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What is Fallopian Tube Recanalization?
Your healthcare provider has requested that you undergo a fallopian tube recanalization. You likely had a prior hysterosalpingogram (HSG) showing a blockage in either one or both of your fallopian tubes. During this procedure, a wire will be passed into the blocked fallopian tube in an attempt to resolve the obstruction.
How Should I Prepare?
You should not eat or drink anything for six hours prior to your procedure. You may take your medications as directed. Speak to your doctor if you need to adjust your insulin dosing. Prior to your procedure, you should make sure all medications and allergies are updated. If you are on a blood thinner you may be requested to stop that medication for a period of time. You will want to arrange for a ride home from a responsible adult afterwards should you require sedation.
How is the Procedure Performed?
The procedure will be performed by an interventional radiologist, who is a physician with specific training in image-guided procedures. The procedure will be performed under fluoroscopy (x-ray). Intravenous medications may be given to make you more comfortable and relaxed. This is called conscious sedation.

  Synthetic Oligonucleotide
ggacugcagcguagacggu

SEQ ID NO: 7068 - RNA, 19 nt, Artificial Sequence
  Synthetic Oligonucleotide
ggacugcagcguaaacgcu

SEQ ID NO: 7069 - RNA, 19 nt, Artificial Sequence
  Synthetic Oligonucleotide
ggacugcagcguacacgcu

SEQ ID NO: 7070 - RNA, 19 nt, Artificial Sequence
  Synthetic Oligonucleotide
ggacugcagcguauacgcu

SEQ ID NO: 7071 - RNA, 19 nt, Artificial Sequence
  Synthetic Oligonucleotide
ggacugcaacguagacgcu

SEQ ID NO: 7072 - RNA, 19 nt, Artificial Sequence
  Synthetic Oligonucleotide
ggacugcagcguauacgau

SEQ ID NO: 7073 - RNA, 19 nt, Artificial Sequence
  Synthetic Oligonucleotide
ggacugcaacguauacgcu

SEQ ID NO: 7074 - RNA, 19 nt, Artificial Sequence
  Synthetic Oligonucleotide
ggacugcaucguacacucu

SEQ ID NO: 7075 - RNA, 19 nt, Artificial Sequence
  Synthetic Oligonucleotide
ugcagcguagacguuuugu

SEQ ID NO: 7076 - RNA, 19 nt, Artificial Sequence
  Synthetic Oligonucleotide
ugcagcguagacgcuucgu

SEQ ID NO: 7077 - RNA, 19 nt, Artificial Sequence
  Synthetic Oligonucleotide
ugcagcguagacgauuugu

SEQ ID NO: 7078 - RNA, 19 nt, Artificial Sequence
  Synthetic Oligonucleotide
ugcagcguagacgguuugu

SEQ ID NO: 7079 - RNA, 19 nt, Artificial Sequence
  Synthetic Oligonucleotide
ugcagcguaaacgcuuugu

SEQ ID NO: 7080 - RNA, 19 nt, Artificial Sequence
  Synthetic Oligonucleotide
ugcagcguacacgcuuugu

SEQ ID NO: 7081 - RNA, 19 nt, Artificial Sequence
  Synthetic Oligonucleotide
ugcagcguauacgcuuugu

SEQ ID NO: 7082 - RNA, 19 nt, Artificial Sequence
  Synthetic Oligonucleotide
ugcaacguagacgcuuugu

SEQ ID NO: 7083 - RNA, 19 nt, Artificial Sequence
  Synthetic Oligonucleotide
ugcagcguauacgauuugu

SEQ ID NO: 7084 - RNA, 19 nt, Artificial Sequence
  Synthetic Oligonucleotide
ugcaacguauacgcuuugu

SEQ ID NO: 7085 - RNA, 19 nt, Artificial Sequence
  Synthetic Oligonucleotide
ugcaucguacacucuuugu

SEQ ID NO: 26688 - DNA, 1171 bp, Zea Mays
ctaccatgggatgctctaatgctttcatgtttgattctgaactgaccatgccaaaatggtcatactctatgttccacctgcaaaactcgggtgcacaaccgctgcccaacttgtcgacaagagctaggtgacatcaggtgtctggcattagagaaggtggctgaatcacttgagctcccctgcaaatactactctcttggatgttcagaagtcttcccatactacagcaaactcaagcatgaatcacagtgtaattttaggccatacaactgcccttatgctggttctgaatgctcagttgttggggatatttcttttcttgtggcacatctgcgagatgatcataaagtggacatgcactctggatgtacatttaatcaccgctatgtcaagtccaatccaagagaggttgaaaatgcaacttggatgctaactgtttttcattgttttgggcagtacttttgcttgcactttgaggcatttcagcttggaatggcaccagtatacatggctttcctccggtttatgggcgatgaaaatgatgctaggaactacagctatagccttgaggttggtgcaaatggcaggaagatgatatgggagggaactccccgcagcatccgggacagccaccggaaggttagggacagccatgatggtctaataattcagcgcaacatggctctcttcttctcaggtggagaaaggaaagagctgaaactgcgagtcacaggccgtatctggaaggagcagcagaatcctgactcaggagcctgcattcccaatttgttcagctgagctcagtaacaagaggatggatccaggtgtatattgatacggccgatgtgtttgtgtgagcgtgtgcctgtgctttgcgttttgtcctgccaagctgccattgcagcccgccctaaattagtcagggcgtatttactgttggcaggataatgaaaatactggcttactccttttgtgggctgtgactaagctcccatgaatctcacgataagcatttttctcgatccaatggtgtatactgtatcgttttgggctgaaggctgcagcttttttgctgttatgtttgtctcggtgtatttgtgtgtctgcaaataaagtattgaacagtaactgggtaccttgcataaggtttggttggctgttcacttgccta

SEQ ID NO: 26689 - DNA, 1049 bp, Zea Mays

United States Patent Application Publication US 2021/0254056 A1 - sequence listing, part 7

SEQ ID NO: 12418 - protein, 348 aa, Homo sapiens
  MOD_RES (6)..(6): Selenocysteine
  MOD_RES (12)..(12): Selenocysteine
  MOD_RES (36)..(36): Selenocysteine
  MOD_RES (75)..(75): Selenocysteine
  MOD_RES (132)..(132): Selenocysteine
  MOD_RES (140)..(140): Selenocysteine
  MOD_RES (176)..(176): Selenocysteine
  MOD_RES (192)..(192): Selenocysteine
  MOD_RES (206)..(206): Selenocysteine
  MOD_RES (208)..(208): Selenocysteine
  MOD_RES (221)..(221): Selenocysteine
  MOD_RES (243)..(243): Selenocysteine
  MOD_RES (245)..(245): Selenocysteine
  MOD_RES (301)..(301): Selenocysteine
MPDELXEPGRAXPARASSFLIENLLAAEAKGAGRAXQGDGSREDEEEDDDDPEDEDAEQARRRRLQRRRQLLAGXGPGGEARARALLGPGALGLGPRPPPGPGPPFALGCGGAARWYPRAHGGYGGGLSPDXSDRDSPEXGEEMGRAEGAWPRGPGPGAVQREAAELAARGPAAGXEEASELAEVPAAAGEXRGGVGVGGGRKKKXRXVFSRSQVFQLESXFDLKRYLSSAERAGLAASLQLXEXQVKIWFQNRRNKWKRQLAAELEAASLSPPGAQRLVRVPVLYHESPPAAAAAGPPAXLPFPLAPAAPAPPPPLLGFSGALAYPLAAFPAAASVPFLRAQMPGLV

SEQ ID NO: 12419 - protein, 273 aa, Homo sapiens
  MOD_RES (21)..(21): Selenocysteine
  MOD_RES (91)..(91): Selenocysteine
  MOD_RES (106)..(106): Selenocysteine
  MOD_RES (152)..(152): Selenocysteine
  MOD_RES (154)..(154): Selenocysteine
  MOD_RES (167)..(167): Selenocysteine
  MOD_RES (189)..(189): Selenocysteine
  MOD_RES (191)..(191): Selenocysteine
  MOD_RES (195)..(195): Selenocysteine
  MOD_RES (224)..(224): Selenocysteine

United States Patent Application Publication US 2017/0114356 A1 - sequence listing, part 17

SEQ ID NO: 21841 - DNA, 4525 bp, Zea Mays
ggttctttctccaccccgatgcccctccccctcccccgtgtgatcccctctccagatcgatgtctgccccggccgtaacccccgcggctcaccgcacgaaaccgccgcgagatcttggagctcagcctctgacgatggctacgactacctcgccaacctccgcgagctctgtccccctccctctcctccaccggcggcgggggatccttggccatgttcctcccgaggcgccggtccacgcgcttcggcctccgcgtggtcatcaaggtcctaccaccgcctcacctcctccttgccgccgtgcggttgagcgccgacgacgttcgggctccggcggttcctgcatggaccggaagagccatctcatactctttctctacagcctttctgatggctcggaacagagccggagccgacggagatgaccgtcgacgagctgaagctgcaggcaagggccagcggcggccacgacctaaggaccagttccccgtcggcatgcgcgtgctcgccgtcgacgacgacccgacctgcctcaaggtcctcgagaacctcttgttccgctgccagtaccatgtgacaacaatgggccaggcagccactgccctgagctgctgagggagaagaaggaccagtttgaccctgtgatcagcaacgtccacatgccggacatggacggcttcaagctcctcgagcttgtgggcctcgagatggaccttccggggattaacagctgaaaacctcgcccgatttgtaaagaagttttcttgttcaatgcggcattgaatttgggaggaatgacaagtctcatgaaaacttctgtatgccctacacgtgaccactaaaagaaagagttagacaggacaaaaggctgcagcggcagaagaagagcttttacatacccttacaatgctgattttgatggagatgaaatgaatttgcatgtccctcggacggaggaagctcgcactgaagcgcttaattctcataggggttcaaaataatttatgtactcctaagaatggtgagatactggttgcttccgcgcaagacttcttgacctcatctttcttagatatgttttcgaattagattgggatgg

To begin, a speculum is inserted into the vagina similar to a routine pelvic exam. A small tube (catheter) will then be placed into the opening of the cervix. Dye is injected and x-ray pictures are taken to show whether the fallopian tubes are blocked. A small wire is then advanced through a blocked tube in an attempt to open it. The wire and speculum are then removed. The x-ray dye is clear and will naturally flow out of the vagina.
What should I expect after the procedure?
Following the procedure, you will be monitored for a period of time for any complications. It is normal to have a small amount of bleeding and vaginal discharge for a day or two following the procedure.